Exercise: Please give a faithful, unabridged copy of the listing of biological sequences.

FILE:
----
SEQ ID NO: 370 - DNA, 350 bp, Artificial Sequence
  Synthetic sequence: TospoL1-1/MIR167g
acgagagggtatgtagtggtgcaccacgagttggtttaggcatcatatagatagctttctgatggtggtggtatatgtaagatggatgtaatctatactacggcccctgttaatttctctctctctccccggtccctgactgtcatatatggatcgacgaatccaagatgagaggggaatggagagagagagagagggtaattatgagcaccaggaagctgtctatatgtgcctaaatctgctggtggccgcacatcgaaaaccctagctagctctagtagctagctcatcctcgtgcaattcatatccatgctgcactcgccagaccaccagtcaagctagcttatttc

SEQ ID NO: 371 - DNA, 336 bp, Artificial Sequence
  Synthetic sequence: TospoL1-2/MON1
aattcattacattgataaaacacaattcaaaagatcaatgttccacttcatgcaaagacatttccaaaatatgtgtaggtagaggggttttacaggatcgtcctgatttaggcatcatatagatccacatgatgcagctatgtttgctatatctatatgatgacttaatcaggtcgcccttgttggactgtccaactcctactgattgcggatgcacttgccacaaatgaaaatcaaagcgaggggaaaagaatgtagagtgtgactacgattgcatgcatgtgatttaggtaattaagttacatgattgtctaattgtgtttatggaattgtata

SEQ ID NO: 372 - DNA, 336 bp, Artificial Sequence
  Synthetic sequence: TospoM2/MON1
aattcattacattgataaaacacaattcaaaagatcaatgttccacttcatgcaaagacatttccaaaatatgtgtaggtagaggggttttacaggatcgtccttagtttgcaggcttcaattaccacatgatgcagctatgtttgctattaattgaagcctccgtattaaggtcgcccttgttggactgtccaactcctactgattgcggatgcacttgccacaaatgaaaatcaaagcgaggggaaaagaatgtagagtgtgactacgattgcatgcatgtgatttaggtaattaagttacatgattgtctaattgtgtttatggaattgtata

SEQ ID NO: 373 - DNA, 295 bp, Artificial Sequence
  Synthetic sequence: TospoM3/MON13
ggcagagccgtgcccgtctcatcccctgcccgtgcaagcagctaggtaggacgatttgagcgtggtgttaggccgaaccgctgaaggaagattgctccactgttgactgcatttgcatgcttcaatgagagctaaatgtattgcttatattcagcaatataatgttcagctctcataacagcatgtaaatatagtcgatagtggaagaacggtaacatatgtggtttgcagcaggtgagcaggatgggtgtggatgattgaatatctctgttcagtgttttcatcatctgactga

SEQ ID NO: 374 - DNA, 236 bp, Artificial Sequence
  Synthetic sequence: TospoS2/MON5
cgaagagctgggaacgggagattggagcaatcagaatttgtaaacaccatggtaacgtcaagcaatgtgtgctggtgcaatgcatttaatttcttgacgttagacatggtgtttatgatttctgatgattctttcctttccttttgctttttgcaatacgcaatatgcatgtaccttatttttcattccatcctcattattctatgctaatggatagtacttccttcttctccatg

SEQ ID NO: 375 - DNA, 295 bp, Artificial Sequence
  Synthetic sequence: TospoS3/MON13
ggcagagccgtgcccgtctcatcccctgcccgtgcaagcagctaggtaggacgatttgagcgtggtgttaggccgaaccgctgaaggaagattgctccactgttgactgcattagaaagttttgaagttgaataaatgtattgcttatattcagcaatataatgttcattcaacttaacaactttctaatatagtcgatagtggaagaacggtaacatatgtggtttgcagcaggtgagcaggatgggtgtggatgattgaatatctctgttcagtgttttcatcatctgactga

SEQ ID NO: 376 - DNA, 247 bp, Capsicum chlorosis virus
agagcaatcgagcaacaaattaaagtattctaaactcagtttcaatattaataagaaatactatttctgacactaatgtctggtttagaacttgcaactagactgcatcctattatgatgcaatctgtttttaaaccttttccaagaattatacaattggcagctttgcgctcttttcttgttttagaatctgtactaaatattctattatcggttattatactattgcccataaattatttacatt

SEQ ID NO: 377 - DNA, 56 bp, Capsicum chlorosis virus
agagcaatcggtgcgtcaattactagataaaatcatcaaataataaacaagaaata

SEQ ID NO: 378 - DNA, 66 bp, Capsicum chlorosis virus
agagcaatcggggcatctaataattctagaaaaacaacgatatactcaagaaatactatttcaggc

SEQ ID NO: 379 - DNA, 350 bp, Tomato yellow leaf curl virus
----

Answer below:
SEQ ID NO: 370 - DNA, 350 bp, Artificial Sequence
  Synthetic sequence: TospoL1-1/MIR167g
acgagagggtatgtagtggtgcaccacgagttggtttaggcatcatatagatagctttctgatggtggtggtatatgtaagatggatgtaatctatactacggcccctgttaatttctctctctctccccggtccctgactgtcatatatggatcgacgaatccaagatgagaggggaatggagagagagagagagggtaattatgagcaccaggaagctgtctatatgtgcctaaatctgctggtggccgcacatcgaaaaccctagctagctctagtagctagctcatcctcgtgcaattcatatccatgctgcactcgccagaccaccagtcaagctagcttatttc

SEQ ID NO: 371 - DNA, 336 bp, Artificial Sequence
  Synthetic sequence: TospoL1-2/MON1
aattcattacattgataaaacacaattcaaaagatcaatgttccacttcatgcaaagacatttccaaaatatgtgtaggtagaggggttttacaggatcgtcctgatttaggcatcatatagatccacatgatgcagctatgtttgctatatctatatgatgacttaatcaggtcgcccttgttggactgtccaactcctactgattgcggatgcacttgccacaaatgaaaatcaaagcgaggggaaaagaatgtagagtgtgactacgattgcatgcatgtgatttaggtaattaagttacatgattgtctaattgtgtttatggaattgtata

SEQ ID NO: 372 - DNA, 336 bp, Artificial Sequence
  Synthetic sequence: TospoM2/MON1
aattcattacattgataaaacacaattcaaaagatcaatgttccacttcatgcaaagacatttccaaaatatgtgtaggtagaggggttttacaggatcgtccttagtttgcaggcttcaattaccacatgatgcagctatgtttgctattaattgaagcctccgtattaaggtcgcccttgttggactgtccaactcctactgattgcggatgcacttgccacaaatgaaaatcaaagcgaggggaaaagaatgtagagtgtgactacgattgcatgcatgtgatttaggtaattaagttacatgattgtctaattgtgtttatggaattgtata

SEQ ID NO: 373 - DNA, 295 bp, Artificial Sequence
  Synthetic sequence: TospoM3/MON13
ggcagagccgtgcccgtctcatcccctgcccgtgcaagcagctaggtaggacgatttgagcgtggtgttaggccgaaccgctgaaggaagattgctccactgttgactgcatttgcatgcttcaatgagagctaaatgtattgcttatattcagcaatataatgttcagctctcataacagcatgtaaatatagtcgatagtggaagaacggtaacatatgtggtttgcagcaggtgagcaggatgggtgtggatgattgaatatctctgttcagtgttttcatcatctgactga

SEQ ID NO: 374 - DNA, 236 bp, Artificial Sequence
  Synthetic sequence: TospoS2/MON5
cgaagagctgggaacgggagattggagcaatcagaatttgtaaacaccatggtaacgtcaagcaatgtgtgctggtgcaatgcatttaatttcttgacgttagacatggtgtttatgatttctgatgattctttcctttccttttgctttttgcaatacgcaatatgcatgtaccttatttttcattccatcctcattattctatgctaatggatagtacttccttcttctccatg

SEQ ID NO: 375 - DNA, 295 bp, Artificial Sequence
  Synthetic sequence: TospoS3/MON13
ggcagagccgtgcccgtctcatcccctgcccgtgcaagcagctaggtaggacgatttgagcgtggtgttaggccgaaccgctgaaggaagattgctccactgttgactgcattagaaagttttgaagttgaataaatgtattgcttatattcagcaatataatgttcattcaacttaacaactttctaatatagtcgatagtggaagaacggtaacatatgtggtttgcagcaggtgagcaggatgggtgtggatgattgaatatctctgttcagtgttttcatcatctgactga

SEQ ID NO: 376 - DNA, 247 bp, Capsicum chlorosis virus
agagcaatcgagcaacaaattaaagtattctaaactcagtttcaatattaataagaaatactatttctgacactaatgtctggtttagaacttgcaactagactgcatcctattatgatgcaatctgtttttaaaccttttccaagaattatacaattggcagctttgcgctcttttcttgttttagaatctgtactaaatattctattatcggttattatactattgcccataaattatttacatt

SEQ ID NO: 377 - DNA, 56 bp, Capsicum chlorosis virus
agagcaatcggtgcgtcaattactagataaaatcatcaaataataaacaagaaata

SEQ ID NO: 378 - DNA, 66 bp, Capsicum chlorosis virus
agagcaatcggggcatctaataattctagaaaaacaacgatatactcaagaaatactatttcaggc

SEQ ID NO: 379 - DNA, 350 bp, Tomato yellow leaf curl virus